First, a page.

In December 2019, an increasing number of patients with respiratory infections were diagnosed in Wuhan, China. These infections were due to a new coronavirus, SARS-CoV-2. This is an encapsulated virus that belongs to the Coronaviridae family. Coronaviruses get their name due to their shape. After all, when scientists look at the virus particles under an electron microscope, they appear to be surrounded by a “crown” (corona in Latin). The disease caused by this virus is called COVID-19 (coronavirus disease 2019). Within a couple of months, this virus sparked a pandemic.
SARS-CoV-2 affects, among other things, the airways. A healthy person can become infected when their own mucous membranes are exposed to infectious droplets produced by a person infected with SARS-CoV-2 when coughing or sneezing. It is also possible to contract the virus by coming into contact with infected persons or surfaces and by touching your own mouth, nose or eyes (the mucous membranes) afterwards. In aerosols, the virus can survive for up to 3 hours, allowing airborne transmission. The virus can survive on surfaces for several hours to days. In fact, a recent study showed that the coronavirus can survive up to 28 days in ideal conditions on non-porous surfaces. This underlines the importance of good hand hygiene and good disinfection of frequently touched surfaces.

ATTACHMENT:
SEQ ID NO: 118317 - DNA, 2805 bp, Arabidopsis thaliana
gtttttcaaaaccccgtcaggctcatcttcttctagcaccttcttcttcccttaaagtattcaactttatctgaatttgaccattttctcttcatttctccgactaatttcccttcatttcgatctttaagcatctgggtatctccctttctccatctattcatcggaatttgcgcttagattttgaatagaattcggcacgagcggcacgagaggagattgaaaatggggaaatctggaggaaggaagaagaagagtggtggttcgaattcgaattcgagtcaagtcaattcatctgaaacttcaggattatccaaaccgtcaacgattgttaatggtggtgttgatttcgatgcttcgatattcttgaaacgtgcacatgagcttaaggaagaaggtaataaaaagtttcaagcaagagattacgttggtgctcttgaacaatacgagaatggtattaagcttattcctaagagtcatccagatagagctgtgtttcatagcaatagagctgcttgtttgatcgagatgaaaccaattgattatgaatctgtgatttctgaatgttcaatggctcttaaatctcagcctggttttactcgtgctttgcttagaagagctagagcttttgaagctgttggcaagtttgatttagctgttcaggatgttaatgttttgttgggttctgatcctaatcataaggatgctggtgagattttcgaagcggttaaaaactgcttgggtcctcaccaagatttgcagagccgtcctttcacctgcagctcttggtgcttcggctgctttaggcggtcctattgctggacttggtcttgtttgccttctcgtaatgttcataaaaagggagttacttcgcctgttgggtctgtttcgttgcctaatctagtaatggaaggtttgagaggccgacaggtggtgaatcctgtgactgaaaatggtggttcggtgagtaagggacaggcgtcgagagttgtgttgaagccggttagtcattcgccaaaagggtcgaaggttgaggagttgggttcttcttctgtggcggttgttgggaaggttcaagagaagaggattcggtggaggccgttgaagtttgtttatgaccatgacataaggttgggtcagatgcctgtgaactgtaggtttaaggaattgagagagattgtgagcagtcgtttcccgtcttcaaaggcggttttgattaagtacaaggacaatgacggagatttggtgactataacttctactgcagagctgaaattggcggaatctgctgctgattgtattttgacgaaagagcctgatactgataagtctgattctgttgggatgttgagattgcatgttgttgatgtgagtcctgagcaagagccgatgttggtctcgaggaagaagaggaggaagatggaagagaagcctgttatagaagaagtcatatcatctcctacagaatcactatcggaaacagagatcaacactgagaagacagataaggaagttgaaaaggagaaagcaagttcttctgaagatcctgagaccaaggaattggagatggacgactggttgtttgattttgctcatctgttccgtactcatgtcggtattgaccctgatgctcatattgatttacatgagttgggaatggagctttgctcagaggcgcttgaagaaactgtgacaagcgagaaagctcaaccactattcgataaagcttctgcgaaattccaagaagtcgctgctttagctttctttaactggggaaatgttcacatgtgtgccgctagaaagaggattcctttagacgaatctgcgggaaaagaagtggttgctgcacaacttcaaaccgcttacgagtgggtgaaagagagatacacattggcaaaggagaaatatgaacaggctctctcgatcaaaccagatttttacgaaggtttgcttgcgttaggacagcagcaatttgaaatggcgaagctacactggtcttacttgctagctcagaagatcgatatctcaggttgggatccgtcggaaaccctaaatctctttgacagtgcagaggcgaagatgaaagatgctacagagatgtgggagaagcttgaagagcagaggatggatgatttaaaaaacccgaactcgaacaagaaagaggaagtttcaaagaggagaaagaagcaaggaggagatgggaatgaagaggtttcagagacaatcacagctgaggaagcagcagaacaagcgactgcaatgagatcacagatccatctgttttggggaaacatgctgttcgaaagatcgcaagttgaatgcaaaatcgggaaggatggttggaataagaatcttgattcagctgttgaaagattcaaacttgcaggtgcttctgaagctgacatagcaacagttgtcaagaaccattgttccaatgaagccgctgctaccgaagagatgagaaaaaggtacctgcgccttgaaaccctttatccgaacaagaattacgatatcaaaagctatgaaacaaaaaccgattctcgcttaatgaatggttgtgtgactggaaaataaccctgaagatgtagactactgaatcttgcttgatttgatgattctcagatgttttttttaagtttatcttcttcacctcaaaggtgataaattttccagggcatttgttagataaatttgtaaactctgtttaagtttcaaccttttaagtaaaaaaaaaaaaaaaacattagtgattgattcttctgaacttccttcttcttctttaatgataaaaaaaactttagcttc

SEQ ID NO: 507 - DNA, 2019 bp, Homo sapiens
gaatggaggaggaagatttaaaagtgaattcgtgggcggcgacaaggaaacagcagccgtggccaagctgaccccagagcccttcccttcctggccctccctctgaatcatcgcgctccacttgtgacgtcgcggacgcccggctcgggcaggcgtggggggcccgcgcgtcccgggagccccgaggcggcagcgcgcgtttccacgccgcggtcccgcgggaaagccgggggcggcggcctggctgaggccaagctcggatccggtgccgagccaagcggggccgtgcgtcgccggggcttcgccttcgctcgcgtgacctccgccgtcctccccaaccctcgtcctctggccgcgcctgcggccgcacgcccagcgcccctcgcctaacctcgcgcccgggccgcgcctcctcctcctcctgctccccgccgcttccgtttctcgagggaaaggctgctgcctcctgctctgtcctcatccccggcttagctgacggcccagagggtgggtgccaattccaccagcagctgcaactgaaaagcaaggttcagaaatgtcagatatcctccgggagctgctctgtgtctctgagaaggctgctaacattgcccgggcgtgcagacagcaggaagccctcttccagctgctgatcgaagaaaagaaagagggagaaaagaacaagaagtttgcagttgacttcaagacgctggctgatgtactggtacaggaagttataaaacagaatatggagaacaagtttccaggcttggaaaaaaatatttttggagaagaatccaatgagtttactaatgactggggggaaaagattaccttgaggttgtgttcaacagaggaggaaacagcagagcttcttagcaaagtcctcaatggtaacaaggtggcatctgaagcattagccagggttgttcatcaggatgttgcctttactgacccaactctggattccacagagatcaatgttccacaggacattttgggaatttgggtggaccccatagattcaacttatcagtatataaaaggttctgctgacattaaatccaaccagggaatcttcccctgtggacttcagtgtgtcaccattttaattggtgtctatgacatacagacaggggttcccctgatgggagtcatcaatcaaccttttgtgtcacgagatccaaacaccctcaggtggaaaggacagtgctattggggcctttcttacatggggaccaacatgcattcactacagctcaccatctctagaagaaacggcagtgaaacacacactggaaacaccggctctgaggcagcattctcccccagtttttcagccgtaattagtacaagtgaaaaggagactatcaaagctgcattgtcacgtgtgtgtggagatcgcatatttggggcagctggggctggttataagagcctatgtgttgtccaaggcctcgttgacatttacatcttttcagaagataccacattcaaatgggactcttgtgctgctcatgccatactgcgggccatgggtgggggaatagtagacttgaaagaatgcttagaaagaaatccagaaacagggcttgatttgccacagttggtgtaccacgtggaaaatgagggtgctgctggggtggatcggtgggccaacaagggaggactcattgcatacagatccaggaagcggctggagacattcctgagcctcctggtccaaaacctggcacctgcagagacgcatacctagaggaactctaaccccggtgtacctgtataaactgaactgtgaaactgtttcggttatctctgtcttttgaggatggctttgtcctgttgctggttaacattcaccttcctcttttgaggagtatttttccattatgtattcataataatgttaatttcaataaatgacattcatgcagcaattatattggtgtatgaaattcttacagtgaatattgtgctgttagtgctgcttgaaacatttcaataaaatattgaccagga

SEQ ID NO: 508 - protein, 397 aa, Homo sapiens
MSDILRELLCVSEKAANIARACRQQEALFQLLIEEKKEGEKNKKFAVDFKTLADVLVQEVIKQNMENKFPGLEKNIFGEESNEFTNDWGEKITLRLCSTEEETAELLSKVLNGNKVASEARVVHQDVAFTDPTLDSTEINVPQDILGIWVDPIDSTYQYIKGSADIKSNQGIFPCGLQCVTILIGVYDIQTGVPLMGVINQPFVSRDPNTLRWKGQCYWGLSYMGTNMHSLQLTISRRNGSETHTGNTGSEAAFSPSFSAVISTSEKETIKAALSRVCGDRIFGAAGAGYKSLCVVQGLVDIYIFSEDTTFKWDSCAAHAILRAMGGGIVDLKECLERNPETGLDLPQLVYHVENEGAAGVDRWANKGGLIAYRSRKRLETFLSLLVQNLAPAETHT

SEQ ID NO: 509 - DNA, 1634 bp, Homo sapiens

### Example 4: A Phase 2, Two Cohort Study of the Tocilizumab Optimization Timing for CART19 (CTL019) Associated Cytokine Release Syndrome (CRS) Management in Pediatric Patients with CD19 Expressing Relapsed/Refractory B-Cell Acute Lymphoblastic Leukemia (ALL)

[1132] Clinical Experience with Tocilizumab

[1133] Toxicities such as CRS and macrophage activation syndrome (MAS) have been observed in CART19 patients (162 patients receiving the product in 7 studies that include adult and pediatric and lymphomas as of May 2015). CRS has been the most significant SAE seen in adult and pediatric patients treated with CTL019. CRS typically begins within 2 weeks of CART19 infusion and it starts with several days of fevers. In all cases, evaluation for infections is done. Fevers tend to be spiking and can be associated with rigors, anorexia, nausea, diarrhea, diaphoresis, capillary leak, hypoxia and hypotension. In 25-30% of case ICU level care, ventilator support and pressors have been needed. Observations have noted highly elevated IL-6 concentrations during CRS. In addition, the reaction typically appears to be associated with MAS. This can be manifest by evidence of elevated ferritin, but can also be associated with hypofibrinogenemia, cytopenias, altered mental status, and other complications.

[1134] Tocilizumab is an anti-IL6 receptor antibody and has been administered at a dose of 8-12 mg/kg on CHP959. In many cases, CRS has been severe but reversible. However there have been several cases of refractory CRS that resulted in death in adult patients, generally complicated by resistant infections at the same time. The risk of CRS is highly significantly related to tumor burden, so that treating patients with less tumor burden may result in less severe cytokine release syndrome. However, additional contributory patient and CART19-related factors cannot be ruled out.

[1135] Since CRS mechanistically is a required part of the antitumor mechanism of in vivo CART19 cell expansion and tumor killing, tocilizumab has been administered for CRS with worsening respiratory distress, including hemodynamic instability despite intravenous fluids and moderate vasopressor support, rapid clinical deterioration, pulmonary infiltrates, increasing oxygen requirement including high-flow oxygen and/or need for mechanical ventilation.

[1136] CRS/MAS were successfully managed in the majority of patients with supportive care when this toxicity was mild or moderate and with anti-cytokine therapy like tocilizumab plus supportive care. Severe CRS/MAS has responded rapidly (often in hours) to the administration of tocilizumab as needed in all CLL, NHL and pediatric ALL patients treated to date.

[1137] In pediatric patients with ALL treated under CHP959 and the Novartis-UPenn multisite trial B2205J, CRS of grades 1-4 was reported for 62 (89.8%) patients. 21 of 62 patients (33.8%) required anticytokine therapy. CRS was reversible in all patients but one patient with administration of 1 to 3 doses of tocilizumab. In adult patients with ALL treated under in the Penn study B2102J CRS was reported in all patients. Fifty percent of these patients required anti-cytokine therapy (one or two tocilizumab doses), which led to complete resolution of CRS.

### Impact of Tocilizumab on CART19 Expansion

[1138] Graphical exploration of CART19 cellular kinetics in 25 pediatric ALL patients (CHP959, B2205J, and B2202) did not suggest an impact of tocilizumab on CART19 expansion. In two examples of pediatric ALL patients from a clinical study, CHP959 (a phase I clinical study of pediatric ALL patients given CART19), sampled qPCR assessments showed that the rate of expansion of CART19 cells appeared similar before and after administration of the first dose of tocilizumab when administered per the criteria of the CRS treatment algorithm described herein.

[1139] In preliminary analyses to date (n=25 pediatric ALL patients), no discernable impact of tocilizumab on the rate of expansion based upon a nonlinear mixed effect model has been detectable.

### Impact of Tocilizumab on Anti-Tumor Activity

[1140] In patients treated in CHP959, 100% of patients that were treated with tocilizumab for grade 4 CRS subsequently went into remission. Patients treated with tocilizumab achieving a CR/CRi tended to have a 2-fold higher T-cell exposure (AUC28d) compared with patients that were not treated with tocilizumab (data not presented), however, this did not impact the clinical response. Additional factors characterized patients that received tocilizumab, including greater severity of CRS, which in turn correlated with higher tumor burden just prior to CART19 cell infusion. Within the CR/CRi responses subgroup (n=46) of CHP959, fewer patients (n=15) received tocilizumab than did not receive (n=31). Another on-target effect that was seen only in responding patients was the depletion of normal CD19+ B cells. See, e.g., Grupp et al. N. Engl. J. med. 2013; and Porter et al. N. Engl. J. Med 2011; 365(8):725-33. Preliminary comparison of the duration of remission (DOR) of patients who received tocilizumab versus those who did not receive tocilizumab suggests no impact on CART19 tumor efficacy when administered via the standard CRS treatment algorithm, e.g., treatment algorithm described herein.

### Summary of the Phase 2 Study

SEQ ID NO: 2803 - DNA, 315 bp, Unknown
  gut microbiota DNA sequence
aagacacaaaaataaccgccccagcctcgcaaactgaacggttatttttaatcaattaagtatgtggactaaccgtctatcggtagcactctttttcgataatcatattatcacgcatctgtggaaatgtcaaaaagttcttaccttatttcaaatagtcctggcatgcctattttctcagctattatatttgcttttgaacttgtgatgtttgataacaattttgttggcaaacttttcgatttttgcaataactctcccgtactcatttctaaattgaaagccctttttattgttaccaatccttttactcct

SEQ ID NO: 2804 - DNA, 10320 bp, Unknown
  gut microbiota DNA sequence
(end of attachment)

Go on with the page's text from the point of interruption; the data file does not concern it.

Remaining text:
The course of a SARS-CoV-2 infection is highly individual. In the majority of infected individuals, the patient will show only mild symptoms. these often include fever, dry cough, sore throat and fatigue.
However, the virus can also cause respiratory problems and even result in the patient’s death. Although everyone has an equal chance of getting infected, the course of the disease is often more severe with older and / or weakened people. The average incubation period is 5 to 6 days.
There are several tips to protect yourself from COVID-19: